Classically Inclined

July 10, 2020

On beginnings, endings, and beginning again

Filed under: Meta — lizgloyn @ 2:58 pm
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Hello, folks. It’s been a while.

Looking back on the blog, it really has been a considerable while; I’ve been pretty quiet since spring last year, apart from a few posts about Tracking Classical Monsters in Popular Culture, which was launched to a pleasing amount of acclaim last Halloween, and an announcement for a workshop which has now been indefinitely postponed in the light of the COVID-19 pandemic.

What ostensibly draws me back is the news that some of you who follow me on social media will have seen earlier this week, namely that I have been promoted to Reader in the Classics department at Royal Holloway. I could easily do a self-congratulatory post and leave it there, but actually, I want to sit a while and do some unpicking of the tapestry.

The 2019-2020 academic year, you see, was going to be a great year. After some administrative to-ing and fro-ing, my research sabbatical had been confirmed; my son was going to start school; I was keeping my diary clear so I could make the most of tidying up old projects and getting started on the next book. It was going to be wonderful.

It didn’t turn out like that. I have since learned that quite a lot of people have stories of the Sabbatical That Went Rogue, where life decides that the moment you have a little more space to think is a perfect time to intervene and make sure you can’t. In my case, at this point we are looking at three close family bereavements (one at the start of September just before the sabbatical was due to begin), a lot of caring and support following those, my son starting school (fine under normal circumstances, challenging under these), two rounds of extended UCU strikes, and, of course, a global pandemic with the associated challenges of school-at-home. It has not been, shall we say, the most conducive environment for thinking. Or, let’s be honest, for blogging.

I have been stopping and starting, starting and stopping, for the last ten months or so. Picking up a research project and putting it down; changing our mode of living in response to loss, and then to the pandemic; stopping childcare and starting work, or vice versa; stopping and staring blankly into the mid-distance; stopping the sabbatical and starting the fast-and-slow process of working out what happens in September; gathering as much impromptu training on on-line teaching and decolonising the curriculum as I can get my hands on. It has been a jerky year, and I use that in the fullest sense of its meanings.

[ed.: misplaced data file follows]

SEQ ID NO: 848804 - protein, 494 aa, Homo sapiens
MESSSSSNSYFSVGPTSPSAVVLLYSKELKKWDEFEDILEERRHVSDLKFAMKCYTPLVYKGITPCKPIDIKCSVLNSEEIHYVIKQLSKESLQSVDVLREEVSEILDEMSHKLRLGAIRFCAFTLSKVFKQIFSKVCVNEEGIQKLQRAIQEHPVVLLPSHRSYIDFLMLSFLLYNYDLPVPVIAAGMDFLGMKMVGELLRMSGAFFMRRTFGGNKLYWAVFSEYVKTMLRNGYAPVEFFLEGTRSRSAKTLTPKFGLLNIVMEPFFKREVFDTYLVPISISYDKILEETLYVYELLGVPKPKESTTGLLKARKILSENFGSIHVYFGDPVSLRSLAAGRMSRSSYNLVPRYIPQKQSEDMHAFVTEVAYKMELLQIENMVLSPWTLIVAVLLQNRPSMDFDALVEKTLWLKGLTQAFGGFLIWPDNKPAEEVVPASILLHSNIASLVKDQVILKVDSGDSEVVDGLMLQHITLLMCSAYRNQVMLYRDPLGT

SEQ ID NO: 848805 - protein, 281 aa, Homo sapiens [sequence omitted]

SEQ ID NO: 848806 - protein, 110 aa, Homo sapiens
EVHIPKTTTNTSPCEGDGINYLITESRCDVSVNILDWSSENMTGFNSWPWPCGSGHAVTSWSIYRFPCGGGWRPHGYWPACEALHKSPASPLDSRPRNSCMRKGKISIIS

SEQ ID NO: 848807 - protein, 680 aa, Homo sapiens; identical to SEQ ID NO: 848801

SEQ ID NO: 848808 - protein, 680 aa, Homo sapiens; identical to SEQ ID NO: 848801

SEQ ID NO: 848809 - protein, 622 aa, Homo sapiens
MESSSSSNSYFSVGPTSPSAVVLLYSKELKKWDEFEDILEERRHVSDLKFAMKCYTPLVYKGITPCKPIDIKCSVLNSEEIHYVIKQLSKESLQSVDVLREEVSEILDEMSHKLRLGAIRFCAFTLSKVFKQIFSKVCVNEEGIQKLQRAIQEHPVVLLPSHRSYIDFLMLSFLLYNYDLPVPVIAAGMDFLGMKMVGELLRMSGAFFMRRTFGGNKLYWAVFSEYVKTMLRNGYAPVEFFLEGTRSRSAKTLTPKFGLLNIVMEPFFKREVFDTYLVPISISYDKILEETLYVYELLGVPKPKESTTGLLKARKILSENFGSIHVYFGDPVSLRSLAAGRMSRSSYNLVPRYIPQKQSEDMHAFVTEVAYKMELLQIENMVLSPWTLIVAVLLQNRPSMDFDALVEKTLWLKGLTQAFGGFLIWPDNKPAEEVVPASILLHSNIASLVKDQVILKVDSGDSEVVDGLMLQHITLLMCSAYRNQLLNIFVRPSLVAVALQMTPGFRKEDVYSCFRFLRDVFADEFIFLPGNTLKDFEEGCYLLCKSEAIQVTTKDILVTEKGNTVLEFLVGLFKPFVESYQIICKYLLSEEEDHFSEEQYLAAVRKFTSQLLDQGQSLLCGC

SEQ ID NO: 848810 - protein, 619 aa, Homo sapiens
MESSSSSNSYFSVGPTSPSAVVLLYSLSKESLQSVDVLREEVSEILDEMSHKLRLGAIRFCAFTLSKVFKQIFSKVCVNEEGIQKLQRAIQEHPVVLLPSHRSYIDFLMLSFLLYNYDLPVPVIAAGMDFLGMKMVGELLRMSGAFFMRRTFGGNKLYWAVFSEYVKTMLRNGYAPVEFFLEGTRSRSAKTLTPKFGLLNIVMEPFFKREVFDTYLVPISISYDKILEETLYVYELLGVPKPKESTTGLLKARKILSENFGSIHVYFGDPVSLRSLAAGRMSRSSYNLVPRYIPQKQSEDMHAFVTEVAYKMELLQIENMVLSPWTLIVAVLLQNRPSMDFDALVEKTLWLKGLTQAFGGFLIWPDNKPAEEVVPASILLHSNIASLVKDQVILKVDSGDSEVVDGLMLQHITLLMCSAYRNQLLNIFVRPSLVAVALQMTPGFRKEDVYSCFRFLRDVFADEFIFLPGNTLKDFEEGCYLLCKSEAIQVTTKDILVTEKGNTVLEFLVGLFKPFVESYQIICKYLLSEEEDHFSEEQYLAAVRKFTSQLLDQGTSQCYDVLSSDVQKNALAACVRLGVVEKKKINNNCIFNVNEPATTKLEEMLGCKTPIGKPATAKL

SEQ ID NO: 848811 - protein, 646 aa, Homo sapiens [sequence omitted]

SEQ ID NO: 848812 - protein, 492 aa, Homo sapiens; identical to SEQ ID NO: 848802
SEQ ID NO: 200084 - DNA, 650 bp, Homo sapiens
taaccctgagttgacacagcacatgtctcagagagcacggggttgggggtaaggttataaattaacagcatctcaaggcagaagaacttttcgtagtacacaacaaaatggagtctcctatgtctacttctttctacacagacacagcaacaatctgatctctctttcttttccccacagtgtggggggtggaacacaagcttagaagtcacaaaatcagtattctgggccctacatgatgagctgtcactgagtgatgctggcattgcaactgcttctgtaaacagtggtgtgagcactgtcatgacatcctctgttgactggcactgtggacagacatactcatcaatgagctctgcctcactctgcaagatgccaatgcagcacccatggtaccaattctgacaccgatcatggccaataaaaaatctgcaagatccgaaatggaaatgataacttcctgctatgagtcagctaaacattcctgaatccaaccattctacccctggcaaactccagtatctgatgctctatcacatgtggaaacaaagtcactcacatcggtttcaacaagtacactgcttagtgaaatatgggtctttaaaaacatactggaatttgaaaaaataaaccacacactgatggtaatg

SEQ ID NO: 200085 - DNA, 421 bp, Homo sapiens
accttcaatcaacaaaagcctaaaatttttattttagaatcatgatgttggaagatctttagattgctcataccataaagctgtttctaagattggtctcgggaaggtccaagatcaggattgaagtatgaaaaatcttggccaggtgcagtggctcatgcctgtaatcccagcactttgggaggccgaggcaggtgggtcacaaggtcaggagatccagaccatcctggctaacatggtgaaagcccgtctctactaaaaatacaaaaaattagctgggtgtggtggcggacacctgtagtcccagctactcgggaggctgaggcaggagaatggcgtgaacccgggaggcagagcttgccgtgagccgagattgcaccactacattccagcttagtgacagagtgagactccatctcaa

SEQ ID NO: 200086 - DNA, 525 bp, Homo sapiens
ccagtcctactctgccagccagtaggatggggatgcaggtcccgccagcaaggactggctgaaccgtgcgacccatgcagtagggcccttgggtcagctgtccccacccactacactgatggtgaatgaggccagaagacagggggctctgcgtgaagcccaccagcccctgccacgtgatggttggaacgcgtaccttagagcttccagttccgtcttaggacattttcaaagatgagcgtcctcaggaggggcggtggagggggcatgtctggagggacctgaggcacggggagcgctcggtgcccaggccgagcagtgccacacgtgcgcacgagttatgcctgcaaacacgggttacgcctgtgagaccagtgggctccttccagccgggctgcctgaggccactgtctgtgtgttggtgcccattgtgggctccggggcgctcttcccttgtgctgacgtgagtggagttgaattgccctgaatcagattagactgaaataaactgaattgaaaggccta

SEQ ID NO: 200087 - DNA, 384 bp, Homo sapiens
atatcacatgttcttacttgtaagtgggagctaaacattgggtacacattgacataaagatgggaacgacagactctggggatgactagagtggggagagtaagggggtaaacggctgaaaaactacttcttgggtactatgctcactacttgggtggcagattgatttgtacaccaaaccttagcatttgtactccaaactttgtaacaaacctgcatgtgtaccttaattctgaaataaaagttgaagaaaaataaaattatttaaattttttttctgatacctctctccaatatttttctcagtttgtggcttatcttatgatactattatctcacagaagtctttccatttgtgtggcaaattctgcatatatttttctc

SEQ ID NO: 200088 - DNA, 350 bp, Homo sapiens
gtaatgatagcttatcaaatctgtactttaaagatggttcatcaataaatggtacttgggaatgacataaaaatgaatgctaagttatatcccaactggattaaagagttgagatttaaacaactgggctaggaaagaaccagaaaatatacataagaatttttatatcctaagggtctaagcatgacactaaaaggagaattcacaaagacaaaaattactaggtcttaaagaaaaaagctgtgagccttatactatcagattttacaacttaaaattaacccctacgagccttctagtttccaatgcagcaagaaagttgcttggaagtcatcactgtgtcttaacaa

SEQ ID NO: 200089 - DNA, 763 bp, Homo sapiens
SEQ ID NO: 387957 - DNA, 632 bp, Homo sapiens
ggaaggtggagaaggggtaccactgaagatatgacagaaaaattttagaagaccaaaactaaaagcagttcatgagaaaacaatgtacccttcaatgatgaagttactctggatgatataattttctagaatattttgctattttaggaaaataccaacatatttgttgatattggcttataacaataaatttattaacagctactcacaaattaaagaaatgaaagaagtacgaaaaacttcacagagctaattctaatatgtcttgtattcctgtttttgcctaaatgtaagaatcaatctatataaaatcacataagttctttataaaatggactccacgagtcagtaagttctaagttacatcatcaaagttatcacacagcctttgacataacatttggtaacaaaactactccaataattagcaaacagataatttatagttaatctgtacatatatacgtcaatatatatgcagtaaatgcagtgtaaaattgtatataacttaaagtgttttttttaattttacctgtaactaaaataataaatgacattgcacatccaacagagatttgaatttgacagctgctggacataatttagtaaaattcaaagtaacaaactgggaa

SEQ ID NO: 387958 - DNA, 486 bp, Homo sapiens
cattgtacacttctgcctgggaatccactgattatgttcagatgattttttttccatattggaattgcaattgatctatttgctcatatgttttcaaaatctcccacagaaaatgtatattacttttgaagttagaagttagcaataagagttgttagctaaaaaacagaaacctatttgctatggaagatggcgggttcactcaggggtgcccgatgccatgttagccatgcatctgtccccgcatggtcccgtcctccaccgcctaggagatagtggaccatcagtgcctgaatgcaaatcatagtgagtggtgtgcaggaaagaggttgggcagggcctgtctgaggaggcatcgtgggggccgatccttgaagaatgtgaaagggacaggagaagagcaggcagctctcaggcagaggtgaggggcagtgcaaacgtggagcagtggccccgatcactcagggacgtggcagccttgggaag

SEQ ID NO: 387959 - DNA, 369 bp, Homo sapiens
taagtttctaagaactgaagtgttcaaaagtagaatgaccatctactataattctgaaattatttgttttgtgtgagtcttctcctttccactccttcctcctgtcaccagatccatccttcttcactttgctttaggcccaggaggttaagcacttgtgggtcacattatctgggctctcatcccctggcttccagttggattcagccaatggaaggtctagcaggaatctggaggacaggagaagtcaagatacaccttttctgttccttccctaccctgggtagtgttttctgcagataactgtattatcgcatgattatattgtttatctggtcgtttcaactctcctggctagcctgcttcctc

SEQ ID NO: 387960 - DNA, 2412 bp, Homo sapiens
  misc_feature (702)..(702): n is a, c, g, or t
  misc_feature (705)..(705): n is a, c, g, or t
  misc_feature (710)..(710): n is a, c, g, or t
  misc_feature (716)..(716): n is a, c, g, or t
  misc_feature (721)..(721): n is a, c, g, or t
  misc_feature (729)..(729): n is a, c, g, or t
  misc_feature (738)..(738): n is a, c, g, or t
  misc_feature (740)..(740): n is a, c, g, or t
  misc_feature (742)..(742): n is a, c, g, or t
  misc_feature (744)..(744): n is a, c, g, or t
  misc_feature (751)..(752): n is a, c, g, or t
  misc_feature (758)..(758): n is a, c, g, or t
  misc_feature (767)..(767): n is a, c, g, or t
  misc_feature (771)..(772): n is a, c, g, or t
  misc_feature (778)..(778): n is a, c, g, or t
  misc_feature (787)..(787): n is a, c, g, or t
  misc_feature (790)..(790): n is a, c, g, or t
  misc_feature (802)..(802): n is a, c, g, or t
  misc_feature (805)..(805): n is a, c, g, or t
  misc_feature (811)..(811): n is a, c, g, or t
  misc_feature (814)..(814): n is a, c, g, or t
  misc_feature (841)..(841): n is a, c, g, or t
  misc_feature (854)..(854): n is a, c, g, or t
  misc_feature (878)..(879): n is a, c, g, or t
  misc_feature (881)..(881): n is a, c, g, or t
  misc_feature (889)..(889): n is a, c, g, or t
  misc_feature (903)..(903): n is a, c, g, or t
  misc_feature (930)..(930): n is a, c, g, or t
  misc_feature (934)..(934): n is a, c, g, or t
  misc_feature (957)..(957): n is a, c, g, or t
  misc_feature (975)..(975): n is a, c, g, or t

And now – another set of changes. The change from school term to the summer vacation, whatever that means in this half-world (where we already knew we needed new patterns to cope with school holidays, but not like this), and we return to balancing childcare and work at home. The end of the exam term for me and the start of – a summer of research? Well, not quite, but what is it? And, of course, the end of being a Senior Lecturer and the start of being a Reader.

I have been brooding about the Reader. In some ways, it’s a continuation of the push of the early career phase, which actually didn’t finish until the Monster Book was submitted so marks a further end of that phase. I said then that I wanted to slow down the pace to make things more sustainable – well, the 2019-2020 academic year has completely scuppered that by refusing to conform to any kind of rhythm. I’m also sitting with the term ‘well deserved’, which does the rounds on these occasions, but usually not with me on the receiving end. Is it ‘well deserved’? Yes, in terms of I ticked the boxes. But let’s be honest, there is a lot of work still to do, in terms of advocating for precarious and junior scholars, in working towards decolonising my teaching and supporting colleagues and students of colour in the hostile environment of academia, in changing the way things have always been done because they are not (and never were) fit for purpose. Being a Reader means not being able to look away, to say it’s someone else’s problem, to flinch. It is not quite the same as having power (because higher education is surprisingly good at separating hierarchy and power), but it does mean authority.

So here is to the next stage, whatever that looks like, of beginning again, and doing the work which sorely needs doing.

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